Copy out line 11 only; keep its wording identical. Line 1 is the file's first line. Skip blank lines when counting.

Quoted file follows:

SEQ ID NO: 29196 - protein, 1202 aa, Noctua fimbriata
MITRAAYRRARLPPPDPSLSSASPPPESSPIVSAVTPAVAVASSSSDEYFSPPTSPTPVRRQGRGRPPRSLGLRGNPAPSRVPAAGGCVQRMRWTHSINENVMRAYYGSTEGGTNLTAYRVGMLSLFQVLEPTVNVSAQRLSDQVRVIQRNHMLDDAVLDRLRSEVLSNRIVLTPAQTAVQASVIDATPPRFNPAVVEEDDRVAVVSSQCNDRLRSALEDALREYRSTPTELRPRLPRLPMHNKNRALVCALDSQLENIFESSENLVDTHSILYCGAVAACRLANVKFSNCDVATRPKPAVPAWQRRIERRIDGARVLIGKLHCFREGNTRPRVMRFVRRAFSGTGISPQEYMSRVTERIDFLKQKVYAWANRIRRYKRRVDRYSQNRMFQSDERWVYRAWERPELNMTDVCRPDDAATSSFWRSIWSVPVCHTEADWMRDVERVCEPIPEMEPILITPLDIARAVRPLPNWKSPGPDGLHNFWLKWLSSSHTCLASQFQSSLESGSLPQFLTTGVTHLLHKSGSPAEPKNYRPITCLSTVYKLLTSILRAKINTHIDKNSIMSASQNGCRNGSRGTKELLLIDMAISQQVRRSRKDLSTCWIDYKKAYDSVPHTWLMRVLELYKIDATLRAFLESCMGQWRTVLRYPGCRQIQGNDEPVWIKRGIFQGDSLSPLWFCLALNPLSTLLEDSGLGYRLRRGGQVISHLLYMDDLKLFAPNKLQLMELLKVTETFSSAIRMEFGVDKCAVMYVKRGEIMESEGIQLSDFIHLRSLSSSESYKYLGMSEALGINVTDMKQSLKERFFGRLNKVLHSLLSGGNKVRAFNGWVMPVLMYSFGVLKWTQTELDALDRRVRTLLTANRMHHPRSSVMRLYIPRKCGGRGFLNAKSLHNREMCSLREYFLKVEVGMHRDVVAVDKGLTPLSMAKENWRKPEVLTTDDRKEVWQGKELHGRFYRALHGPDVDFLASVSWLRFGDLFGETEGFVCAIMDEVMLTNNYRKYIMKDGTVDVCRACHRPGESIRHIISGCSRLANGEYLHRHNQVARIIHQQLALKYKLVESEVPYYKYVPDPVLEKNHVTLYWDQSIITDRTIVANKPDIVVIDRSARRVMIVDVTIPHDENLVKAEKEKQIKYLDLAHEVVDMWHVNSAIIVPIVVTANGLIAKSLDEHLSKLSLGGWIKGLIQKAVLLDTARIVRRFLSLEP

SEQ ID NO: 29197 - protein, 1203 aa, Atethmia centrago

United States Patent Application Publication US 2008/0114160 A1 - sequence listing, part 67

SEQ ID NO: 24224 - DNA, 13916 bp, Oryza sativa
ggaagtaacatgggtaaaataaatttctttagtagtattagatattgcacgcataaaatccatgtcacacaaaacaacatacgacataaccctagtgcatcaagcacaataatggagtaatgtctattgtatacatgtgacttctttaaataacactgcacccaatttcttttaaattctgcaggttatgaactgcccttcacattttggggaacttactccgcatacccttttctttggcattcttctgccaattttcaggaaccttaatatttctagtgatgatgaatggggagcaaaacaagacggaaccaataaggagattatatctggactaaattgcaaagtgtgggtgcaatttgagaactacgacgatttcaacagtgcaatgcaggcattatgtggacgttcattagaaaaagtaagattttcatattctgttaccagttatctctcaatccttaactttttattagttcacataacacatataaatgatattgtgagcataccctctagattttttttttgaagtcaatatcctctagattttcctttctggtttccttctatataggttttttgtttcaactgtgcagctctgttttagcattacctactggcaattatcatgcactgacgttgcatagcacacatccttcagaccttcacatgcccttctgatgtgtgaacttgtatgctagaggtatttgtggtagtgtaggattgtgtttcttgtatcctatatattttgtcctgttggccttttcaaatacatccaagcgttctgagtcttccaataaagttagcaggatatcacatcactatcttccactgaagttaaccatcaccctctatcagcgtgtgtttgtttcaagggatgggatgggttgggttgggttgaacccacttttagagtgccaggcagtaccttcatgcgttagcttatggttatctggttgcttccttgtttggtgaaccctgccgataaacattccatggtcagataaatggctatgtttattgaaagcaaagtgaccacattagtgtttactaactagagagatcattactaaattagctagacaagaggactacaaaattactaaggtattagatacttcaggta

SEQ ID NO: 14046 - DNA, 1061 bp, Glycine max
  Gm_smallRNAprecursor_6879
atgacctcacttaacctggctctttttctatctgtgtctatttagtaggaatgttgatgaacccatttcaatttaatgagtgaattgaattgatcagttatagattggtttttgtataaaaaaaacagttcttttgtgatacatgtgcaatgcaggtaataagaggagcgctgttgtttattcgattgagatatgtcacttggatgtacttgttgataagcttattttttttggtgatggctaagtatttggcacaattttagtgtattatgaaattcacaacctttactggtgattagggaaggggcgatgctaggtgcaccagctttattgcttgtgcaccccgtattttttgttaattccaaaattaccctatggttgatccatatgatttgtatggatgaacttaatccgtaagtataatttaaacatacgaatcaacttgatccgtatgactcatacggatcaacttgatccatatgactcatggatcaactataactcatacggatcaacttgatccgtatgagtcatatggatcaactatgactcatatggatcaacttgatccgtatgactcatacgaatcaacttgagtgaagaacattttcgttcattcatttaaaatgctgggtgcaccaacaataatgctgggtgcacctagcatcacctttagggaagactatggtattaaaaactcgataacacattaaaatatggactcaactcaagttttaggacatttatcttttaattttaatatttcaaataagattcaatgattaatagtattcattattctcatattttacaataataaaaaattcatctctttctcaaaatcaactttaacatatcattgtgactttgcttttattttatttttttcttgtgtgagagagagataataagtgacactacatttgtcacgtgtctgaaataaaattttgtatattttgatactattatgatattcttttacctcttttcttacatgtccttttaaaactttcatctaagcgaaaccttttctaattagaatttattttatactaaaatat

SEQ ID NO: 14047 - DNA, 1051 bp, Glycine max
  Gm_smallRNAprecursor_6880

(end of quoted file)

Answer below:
  Gm_smallRNAprecursor_6880